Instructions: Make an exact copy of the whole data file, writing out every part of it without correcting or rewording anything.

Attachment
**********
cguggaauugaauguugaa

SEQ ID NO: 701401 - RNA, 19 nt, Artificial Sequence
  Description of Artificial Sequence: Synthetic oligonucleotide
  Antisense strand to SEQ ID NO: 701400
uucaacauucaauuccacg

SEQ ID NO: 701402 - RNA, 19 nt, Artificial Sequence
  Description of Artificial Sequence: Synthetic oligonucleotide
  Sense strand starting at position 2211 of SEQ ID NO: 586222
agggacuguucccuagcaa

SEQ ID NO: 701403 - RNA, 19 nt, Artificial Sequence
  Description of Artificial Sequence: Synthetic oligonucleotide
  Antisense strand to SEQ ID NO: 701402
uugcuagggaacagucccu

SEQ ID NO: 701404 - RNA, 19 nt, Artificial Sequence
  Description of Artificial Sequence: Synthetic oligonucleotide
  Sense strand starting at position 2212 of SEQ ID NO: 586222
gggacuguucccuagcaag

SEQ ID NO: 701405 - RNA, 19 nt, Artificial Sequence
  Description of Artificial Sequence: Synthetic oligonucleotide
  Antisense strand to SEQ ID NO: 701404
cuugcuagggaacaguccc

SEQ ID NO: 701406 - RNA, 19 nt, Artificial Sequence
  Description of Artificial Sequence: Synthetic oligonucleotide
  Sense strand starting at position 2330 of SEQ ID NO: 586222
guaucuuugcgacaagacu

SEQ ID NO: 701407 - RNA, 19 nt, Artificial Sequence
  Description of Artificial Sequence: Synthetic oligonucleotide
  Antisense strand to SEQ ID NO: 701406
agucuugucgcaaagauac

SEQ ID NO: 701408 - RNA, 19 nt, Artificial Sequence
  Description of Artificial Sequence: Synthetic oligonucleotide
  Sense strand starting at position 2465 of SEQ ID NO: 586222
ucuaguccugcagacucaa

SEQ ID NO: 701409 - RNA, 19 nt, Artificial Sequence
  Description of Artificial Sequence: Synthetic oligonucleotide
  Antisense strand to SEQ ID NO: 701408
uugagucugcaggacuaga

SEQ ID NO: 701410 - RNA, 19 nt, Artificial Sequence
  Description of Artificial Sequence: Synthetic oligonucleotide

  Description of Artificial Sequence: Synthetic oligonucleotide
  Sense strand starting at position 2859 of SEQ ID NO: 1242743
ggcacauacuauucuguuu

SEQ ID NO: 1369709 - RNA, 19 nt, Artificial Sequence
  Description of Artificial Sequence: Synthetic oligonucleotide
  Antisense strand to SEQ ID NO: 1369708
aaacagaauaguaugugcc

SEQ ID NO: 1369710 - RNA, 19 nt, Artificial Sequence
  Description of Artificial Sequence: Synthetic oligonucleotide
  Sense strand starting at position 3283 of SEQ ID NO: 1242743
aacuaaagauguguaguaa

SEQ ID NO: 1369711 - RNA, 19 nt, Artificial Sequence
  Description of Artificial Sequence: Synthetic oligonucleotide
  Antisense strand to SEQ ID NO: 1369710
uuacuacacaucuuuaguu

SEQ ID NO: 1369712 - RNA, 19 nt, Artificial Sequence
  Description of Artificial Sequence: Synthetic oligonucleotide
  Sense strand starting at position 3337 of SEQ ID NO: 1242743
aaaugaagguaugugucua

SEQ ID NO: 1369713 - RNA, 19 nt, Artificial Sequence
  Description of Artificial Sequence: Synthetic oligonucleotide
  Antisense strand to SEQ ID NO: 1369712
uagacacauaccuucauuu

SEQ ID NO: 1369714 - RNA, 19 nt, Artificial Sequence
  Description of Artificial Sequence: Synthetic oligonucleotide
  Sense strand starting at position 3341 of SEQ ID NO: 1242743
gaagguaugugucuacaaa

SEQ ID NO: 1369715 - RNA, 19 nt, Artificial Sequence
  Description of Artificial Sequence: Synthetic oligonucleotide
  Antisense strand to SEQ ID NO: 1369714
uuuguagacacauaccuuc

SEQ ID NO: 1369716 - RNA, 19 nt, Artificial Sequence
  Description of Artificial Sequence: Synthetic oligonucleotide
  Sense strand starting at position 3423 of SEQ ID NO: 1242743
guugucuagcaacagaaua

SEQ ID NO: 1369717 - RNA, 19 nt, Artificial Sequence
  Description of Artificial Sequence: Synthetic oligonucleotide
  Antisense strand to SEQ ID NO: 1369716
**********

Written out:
cguggaauugaauguugaa

SEQ ID NO: 701401 - RNA, 19 nt, Artificial Sequence
  Description of Artificial Sequence: Synthetic oligonucleotide
  Antisense strand to SEQ ID NO: 701400
uucaacauucaauuccacg

SEQ ID NO: 701402 - RNA, 19 nt, Artificial Sequence
  Description of Artificial Sequence: Synthetic oligonucleotide
  Sense strand starting at position 2211 of SEQ ID NO: 586222
agggacuguucccuagcaa

SEQ ID NO: 701403 - RNA, 19 nt, Artificial Sequence
  Description of Artificial Sequence: Synthetic oligonucleotide
  Antisense strand to SEQ ID NO: 701402
uugcuagggaacagucccu

SEQ ID NO: 701404 - RNA, 19 nt, Artificial Sequence
  Description of Artificial Sequence: Synthetic oligonucleotide
  Sense strand starting at position 2212 of SEQ ID NO: 586222
gggacuguucccuagcaag

SEQ ID NO: 701405 - RNA, 19 nt, Artificial Sequence
  Description of Artificial Sequence: Synthetic oligonucleotide
  Antisense strand to SEQ ID NO: 701404
cuugcuagggaacaguccc

SEQ ID NO: 701406 - RNA, 19 nt, Artificial Sequence
  Description of Artificial Sequence: Synthetic oligonucleotide
  Sense strand starting at position 2330 of SEQ ID NO: 586222
guaucuuugcgacaagacu

SEQ ID NO: 701407 - RNA, 19 nt, Artificial Sequence
  Description of Artificial Sequence: Synthetic oligonucleotide
  Antisense strand to SEQ ID NO: 701406
agucuugucgcaaagauac

SEQ ID NO: 701408 - RNA, 19 nt, Artificial Sequence
  Description of Artificial Sequence: Synthetic oligonucleotide
  Sense strand starting at position 2465 of SEQ ID NO: 586222
ucuaguccugcagacucaa

SEQ ID NO: 701409 - RNA, 19 nt, Artificial Sequence
  Description of Artificial Sequence: Synthetic oligonucleotide
  Antisense strand to SEQ ID NO: 701408
uugagucugcaggacuaga

SEQ ID NO: 701410 - RNA, 19 nt, Artificial Sequence
  Description of Artificial Sequence: Synthetic oligonucleotide

  Description of Artificial Sequence: Synthetic oligonucleotide
  Sense strand starting at position 2859 of SEQ ID NO: 1242743
ggcacauacuauucuguuu

SEQ ID NO: 1369709 - RNA, 19 nt, Artificial Sequence
  Description of Artificial Sequence: Synthetic oligonucleotide
  Antisense strand to SEQ ID NO: 1369708
aaacagaauaguaugugcc

SEQ ID NO: 1369710 - RNA, 19 nt, Artificial Sequence
  Description of Artificial Sequence: Synthetic oligonucleotide
  Sense strand starting at position 3283 of SEQ ID NO: 1242743
aacuaaagauguguaguaa

SEQ ID NO: 1369711 - RNA, 19 nt, Artificial Sequence
  Description of Artificial Sequence: Synthetic oligonucleotide
  Antisense strand to SEQ ID NO: 1369710
uuacuacacaucuuuaguu

SEQ ID NO: 1369712 - RNA, 19 nt, Artificial Sequence
  Description of Artificial Sequence: Synthetic oligonucleotide
  Sense strand starting at position 3337 of SEQ ID NO: 1242743
aaaugaagguaugugucua

SEQ ID NO: 1369713 - RNA, 19 nt, Artificial Sequence
  Description of Artificial Sequence: Synthetic oligonucleotide
  Antisense strand to SEQ ID NO: 1369712
uagacacauaccuucauuu

SEQ ID NO: 1369714 - RNA, 19 nt, Artificial Sequence
  Description of Artificial Sequence: Synthetic oligonucleotide
  Sense strand starting at position 3341 of SEQ ID NO: 1242743
gaagguaugugucuacaaa

SEQ ID NO: 1369715 - RNA, 19 nt, Artificial Sequence
  Description of Artificial Sequence: Synthetic oligonucleotide
  Antisense strand to SEQ ID NO: 1369714
uuuguagacacauaccuuc

SEQ ID NO: 1369716 - RNA, 19 nt, Artificial Sequence
  Description of Artificial Sequence: Synthetic oligonucleotide
  Sense strand starting at position 3423 of SEQ ID NO: 1242743
guugucuagcaacagaaua

SEQ ID NO: 1369717 - RNA, 19 nt, Artificial Sequence
  Description of Artificial Sequence: Synthetic oligonucleotide
  Antisense strand to SEQ ID NO: 1369716